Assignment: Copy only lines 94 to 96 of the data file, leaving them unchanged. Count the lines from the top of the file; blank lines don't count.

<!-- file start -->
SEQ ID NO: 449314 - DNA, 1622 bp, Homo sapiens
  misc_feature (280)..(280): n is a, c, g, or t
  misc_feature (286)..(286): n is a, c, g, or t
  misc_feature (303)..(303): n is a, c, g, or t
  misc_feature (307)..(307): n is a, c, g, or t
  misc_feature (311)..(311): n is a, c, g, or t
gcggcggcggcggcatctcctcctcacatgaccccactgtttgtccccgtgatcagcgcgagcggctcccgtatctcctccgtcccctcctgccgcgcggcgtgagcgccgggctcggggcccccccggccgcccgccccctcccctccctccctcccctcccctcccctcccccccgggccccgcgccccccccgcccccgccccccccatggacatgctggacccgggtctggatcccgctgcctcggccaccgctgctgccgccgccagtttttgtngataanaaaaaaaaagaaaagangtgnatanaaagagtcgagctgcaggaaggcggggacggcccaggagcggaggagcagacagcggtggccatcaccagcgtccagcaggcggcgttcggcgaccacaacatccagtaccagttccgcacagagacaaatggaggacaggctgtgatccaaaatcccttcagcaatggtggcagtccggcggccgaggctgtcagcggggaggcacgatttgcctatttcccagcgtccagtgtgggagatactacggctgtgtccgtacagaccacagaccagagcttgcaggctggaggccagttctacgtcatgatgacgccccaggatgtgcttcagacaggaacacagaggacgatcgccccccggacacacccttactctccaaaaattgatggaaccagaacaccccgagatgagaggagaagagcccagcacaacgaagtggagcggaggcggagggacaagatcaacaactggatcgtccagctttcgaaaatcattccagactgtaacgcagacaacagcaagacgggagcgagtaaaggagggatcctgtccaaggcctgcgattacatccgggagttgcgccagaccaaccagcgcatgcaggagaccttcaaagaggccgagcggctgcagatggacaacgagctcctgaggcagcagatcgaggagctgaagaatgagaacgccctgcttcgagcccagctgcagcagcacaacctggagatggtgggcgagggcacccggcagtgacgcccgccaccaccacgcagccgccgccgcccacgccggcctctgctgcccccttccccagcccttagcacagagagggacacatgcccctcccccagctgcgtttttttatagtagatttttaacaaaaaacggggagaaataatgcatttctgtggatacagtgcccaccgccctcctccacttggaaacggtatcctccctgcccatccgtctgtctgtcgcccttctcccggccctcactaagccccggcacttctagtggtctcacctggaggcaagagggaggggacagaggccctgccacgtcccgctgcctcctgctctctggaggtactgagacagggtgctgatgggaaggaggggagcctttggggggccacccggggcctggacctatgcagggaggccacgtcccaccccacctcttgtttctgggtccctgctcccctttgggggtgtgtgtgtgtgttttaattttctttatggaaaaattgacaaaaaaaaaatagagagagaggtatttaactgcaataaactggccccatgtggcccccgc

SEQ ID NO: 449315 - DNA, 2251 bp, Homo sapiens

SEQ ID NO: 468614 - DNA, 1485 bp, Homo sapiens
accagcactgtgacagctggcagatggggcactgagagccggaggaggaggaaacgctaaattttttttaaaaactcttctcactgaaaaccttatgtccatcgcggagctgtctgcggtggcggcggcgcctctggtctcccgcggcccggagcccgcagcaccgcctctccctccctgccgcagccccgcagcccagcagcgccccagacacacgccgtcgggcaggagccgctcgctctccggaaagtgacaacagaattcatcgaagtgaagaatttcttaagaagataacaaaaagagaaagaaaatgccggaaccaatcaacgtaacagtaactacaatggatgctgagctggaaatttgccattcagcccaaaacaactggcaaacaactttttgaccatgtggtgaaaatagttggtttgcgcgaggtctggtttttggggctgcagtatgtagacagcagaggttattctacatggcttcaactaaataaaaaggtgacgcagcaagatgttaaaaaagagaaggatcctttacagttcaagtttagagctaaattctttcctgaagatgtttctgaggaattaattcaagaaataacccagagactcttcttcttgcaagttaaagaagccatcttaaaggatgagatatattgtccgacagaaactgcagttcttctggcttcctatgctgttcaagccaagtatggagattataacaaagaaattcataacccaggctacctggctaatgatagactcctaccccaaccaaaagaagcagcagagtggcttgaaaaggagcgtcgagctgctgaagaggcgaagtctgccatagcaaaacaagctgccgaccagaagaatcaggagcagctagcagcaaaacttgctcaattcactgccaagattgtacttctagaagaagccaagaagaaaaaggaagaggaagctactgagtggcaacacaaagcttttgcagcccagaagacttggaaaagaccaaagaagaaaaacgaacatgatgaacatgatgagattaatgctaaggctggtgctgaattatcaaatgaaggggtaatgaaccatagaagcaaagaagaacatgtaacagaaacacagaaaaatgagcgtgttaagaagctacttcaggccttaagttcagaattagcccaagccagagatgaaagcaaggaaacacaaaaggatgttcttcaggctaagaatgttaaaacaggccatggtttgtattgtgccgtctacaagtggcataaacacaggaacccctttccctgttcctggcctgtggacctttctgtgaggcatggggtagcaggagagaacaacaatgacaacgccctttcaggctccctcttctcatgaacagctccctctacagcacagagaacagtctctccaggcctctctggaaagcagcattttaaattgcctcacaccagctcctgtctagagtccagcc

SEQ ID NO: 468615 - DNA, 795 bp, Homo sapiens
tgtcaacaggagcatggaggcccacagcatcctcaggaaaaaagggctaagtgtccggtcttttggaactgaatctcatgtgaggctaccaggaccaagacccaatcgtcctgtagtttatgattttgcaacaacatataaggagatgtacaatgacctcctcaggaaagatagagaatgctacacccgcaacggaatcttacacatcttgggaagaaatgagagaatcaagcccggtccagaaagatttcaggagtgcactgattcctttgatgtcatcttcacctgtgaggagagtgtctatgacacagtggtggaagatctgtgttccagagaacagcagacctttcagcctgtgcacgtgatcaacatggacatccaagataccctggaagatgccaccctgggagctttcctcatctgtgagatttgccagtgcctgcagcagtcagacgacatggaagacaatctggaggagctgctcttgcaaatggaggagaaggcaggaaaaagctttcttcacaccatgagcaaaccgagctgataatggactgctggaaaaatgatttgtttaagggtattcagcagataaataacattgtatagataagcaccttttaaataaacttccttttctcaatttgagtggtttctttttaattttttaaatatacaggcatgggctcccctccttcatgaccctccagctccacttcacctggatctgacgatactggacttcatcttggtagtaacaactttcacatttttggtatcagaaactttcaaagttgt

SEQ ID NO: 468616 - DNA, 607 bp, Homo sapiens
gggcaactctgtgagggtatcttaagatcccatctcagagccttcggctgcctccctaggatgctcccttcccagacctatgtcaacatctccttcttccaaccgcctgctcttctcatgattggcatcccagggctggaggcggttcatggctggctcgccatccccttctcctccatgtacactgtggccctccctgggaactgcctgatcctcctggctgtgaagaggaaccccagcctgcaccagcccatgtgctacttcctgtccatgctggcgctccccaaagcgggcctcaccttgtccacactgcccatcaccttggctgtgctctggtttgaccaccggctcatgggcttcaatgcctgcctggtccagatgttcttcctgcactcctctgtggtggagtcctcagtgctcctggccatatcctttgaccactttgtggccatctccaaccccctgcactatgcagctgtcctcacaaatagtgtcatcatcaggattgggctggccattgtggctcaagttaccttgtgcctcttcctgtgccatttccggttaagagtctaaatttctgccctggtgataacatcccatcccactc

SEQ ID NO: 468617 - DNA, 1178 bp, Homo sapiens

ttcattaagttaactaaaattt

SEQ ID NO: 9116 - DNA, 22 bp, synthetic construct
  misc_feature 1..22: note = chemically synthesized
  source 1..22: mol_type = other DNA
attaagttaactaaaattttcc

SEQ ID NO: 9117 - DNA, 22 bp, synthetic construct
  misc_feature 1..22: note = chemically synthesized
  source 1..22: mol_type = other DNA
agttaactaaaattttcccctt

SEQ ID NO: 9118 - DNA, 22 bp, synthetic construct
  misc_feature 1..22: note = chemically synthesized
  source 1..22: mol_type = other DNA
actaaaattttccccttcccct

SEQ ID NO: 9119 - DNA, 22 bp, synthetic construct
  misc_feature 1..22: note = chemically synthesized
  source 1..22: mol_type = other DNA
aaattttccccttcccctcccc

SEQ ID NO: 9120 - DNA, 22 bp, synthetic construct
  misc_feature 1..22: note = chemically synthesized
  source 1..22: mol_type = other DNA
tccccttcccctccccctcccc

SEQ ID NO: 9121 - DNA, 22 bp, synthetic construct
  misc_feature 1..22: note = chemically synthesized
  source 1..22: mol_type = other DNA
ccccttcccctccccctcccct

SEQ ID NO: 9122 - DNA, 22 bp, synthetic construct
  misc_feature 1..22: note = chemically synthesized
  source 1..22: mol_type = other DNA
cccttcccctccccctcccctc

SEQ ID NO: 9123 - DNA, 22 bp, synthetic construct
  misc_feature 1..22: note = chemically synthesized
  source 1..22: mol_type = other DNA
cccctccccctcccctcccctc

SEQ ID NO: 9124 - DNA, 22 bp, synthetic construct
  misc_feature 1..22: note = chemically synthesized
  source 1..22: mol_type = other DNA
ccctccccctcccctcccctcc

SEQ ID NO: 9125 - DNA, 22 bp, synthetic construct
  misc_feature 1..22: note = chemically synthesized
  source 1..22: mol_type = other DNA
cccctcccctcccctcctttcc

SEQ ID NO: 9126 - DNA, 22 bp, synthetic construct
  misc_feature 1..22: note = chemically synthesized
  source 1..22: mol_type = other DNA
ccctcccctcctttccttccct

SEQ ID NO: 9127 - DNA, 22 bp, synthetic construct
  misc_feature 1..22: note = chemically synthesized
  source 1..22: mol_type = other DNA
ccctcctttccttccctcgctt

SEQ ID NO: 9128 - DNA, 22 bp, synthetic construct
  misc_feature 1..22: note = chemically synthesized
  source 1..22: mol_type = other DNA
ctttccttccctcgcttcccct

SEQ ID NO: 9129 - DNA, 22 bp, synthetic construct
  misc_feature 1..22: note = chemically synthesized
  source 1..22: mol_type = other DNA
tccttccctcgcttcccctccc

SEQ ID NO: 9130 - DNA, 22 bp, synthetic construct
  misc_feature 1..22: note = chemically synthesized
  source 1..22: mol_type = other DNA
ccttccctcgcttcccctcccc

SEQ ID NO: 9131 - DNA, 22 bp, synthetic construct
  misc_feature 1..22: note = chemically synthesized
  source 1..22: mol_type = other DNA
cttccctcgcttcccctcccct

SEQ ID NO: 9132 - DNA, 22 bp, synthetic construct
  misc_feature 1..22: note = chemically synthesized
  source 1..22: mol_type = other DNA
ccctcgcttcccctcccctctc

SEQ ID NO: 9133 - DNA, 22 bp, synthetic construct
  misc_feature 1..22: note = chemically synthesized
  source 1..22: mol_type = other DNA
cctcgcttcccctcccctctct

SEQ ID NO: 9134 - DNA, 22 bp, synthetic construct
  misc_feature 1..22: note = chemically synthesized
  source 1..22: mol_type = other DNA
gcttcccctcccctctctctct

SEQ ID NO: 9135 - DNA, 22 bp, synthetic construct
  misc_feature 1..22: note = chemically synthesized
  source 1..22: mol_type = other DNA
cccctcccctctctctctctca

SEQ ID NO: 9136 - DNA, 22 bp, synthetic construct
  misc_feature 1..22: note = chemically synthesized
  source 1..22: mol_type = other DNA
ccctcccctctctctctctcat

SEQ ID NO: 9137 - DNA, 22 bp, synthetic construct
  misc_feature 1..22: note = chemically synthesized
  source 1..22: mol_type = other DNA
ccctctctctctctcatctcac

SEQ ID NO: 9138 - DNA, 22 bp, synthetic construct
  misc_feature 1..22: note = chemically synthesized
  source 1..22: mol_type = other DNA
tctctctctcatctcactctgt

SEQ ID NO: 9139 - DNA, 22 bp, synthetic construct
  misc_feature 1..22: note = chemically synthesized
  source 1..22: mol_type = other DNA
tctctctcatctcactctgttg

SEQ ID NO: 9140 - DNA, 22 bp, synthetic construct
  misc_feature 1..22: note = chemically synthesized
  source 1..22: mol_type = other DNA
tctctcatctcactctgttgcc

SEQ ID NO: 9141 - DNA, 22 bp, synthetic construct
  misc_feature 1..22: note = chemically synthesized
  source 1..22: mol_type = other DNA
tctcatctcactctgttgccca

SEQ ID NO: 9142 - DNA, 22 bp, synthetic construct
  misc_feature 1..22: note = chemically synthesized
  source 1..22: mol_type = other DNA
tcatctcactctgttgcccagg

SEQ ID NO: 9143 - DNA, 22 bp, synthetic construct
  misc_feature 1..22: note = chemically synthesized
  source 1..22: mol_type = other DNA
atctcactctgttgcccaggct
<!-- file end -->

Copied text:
  misc_feature 1..22: note = chemically synthesized
  source 1..22: mol_type = other DNA
cccctcccctctctctctctca